Magdalena Obmalko is a first-year student of BA (Hons) Design Management and Cultures. Her project ‘Utopian Urbanism’ is a portfolio of work focused around the subject of utopia within a city and constitutes the ultimate guide book for utopian urbanists.
“The concept of my catalogue focuses on the problem of visualising utopian ideals in the context of urbanism.The general pursuit of perfection is deeply embedded in the human nature and involves both the human itself and his habitat. However, the sense of utopia is generally connoted with an unrealistic product of human imagination.The majority of projects considering the utopian vision of an urban space resembled rather a dystopian image and in the end, met with failure. In my catalogue, I would like to present another aspect of utopian urbanism, which focuses on people and their needs, and that way contributes to making utopias real. It is related to the accurate analysis of the multidimensional relationship between a city and its inhabitants. City, as a form of collectivity, comprises a variety of communities and confers on the society a sense of identity. The relation is bilateral and concerns many aspects. The society creates itself urban imaginaries and thereby, constitutes the existence of a city.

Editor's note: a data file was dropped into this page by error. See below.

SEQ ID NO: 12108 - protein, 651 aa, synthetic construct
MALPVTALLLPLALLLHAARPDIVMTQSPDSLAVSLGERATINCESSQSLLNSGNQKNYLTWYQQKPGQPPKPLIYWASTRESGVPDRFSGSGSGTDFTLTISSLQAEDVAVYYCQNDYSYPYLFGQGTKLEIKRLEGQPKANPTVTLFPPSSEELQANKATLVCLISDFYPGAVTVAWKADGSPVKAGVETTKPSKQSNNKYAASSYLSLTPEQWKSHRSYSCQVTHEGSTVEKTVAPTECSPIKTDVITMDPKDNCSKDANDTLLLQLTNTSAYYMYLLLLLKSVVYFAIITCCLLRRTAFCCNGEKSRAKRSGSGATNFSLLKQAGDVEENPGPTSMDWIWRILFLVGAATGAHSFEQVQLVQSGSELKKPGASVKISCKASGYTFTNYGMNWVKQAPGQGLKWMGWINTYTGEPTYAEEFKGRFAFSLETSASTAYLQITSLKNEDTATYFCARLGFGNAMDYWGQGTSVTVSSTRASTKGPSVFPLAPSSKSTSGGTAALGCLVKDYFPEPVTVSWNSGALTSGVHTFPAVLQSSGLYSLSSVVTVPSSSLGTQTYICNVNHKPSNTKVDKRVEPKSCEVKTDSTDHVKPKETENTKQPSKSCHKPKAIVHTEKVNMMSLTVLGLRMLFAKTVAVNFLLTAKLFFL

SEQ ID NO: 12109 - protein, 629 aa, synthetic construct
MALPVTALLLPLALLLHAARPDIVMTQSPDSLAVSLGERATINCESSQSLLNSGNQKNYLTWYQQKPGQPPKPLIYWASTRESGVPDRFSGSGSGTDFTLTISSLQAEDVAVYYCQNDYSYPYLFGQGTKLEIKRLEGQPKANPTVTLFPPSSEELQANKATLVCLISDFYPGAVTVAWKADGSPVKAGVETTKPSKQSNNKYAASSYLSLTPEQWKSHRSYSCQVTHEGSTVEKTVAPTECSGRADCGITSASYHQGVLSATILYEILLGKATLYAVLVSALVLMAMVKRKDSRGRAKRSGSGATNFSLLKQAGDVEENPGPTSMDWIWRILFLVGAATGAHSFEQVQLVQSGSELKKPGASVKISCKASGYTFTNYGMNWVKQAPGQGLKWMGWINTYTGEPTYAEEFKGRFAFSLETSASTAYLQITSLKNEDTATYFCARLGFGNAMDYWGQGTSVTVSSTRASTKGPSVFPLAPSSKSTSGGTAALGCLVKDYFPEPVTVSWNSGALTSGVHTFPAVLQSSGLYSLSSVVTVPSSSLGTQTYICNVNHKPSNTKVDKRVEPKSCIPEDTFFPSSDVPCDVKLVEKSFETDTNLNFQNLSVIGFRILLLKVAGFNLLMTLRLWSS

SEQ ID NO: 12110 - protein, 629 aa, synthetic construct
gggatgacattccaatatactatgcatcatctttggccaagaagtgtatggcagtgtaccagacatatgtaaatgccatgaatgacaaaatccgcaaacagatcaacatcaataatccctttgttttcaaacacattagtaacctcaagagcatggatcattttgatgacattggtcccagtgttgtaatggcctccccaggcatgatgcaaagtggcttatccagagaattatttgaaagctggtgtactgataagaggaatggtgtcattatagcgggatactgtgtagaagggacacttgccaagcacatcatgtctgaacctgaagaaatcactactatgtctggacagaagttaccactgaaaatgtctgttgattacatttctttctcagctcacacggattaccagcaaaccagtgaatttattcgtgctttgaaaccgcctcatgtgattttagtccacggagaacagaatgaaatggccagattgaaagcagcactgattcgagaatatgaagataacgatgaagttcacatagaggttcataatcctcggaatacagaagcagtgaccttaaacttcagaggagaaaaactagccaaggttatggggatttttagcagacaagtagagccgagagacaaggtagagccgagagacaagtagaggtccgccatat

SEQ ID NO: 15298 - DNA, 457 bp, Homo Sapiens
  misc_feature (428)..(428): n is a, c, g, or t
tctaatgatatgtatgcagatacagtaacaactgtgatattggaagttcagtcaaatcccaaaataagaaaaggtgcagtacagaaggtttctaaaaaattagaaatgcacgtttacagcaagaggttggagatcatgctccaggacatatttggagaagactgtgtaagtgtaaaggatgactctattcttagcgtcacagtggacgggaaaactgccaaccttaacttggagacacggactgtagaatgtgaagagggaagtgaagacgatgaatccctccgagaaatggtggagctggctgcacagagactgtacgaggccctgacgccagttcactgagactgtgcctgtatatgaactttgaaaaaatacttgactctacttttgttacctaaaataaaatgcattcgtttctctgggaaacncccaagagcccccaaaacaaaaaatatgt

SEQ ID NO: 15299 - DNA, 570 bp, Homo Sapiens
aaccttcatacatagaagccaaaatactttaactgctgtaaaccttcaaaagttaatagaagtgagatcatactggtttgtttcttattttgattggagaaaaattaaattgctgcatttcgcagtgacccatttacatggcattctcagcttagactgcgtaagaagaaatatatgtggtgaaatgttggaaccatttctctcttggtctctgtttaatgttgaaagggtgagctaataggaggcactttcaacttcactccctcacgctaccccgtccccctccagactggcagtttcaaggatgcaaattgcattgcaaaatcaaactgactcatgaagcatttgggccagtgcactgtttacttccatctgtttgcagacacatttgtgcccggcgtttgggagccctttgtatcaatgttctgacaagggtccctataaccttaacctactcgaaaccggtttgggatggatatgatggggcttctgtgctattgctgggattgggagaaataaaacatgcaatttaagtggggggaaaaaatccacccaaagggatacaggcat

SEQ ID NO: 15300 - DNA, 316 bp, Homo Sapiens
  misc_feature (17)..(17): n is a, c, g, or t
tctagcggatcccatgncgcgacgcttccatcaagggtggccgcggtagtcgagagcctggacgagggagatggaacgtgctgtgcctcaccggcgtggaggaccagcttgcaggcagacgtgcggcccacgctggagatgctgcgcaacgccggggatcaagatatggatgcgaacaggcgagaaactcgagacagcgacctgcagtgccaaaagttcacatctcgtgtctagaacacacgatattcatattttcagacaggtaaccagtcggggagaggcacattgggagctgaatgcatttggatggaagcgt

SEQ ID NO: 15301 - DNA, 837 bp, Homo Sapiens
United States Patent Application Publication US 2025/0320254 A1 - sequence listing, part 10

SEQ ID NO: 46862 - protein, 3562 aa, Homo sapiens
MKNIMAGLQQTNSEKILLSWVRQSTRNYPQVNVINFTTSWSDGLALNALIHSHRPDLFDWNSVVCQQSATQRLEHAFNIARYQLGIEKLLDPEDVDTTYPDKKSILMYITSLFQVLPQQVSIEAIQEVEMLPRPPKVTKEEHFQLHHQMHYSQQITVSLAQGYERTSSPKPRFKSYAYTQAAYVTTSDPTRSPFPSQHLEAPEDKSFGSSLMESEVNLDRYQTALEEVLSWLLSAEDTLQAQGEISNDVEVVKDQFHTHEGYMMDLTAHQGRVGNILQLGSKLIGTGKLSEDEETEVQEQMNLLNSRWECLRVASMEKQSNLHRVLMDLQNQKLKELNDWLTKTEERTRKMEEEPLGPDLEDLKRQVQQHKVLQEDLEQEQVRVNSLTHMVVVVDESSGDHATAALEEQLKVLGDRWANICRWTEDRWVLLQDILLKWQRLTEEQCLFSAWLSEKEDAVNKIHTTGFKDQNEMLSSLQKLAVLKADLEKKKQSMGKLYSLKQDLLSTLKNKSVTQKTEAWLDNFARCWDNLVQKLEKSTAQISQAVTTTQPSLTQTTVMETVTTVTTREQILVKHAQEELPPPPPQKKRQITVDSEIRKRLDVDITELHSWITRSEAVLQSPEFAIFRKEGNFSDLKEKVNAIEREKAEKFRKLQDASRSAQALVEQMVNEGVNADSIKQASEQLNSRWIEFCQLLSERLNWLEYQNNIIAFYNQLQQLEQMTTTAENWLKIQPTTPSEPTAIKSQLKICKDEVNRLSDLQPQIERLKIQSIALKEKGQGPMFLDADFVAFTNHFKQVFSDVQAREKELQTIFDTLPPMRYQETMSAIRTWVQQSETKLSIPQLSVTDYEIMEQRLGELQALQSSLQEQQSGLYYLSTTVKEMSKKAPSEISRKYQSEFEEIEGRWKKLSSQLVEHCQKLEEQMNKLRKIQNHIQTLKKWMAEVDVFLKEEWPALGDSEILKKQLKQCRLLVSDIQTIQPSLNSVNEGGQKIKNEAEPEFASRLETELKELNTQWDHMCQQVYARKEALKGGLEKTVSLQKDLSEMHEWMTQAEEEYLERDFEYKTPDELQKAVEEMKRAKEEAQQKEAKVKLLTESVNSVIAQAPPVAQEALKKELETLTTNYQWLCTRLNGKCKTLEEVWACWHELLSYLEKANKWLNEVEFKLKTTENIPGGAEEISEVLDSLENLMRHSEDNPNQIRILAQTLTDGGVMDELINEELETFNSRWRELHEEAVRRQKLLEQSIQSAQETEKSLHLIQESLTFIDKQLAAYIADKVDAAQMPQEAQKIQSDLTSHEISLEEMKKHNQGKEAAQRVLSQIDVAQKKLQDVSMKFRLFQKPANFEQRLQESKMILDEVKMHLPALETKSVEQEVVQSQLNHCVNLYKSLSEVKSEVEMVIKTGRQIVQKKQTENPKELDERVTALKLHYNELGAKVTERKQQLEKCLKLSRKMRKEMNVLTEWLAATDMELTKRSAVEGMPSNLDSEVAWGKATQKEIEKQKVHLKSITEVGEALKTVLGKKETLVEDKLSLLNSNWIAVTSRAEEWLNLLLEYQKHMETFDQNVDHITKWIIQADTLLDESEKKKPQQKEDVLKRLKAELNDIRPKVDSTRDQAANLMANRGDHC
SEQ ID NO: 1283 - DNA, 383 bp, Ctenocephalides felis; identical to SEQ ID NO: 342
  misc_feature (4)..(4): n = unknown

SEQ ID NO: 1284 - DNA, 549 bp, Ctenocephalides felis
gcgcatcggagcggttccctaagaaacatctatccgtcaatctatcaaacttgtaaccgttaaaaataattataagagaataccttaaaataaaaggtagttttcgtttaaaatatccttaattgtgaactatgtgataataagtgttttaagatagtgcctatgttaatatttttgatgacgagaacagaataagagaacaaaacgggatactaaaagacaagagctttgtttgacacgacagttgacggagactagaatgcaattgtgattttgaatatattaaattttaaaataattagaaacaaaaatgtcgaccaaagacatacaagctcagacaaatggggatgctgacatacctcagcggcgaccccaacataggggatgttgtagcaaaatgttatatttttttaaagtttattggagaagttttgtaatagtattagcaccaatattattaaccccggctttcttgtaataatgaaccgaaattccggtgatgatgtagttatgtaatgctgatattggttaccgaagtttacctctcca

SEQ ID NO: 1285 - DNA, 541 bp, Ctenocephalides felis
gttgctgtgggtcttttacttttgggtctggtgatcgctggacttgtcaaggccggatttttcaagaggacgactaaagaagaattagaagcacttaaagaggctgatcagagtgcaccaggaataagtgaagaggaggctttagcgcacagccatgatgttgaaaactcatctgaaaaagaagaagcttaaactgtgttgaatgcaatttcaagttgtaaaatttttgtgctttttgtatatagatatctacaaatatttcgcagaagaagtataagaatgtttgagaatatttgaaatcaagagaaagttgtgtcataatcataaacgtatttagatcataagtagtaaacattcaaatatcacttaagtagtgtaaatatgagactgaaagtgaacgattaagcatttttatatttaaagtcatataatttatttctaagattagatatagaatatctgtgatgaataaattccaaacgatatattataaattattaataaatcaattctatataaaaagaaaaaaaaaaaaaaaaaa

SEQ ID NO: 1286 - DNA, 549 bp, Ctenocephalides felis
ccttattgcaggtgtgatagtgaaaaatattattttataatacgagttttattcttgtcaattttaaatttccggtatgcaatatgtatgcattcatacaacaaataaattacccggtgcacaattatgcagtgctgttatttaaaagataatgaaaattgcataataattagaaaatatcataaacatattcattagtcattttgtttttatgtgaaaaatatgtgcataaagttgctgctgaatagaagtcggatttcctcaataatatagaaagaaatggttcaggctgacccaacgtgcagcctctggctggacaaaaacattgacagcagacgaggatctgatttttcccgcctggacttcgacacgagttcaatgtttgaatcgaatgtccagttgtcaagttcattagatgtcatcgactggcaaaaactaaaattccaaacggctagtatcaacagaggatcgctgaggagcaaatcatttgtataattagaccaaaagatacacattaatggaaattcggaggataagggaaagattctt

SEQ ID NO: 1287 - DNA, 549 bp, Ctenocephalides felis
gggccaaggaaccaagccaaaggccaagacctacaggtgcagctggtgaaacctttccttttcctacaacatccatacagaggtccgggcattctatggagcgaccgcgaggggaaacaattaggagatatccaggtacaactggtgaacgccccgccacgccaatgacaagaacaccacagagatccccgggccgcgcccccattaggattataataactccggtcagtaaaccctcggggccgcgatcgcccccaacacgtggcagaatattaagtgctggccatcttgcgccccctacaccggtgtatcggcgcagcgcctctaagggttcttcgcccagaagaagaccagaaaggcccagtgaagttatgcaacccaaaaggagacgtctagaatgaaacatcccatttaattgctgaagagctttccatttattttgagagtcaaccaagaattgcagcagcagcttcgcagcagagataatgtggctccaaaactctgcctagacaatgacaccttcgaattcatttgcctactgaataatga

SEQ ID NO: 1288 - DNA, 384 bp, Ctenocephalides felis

The catalogue has a form of a kit for radical urbanists, designers and ordinary people as well, who are interested in the concept of utopia within the city. It consists of a booklet with a written part and enclosed map introducing the brutalist architecture of London, which at some point in the past was considered the architecture of utopian visions. My ultimate purpose was to present the problem of envisioning utopias from different perspectives.
The earthy colours of the design symbolise the urban image of a city and refer to the brutalist and modern architecture in general, which is marked by the concrete materials and a raw look. Accordingly, the minimalist character of my design fits into the modernist buildings’ aesthetics. The transparent envelope, however, embodies the idea of a set and forms kind of a packaging, which creates the intentional experience for a reader.” (Obmalko, Utopian Urbanism, 2017)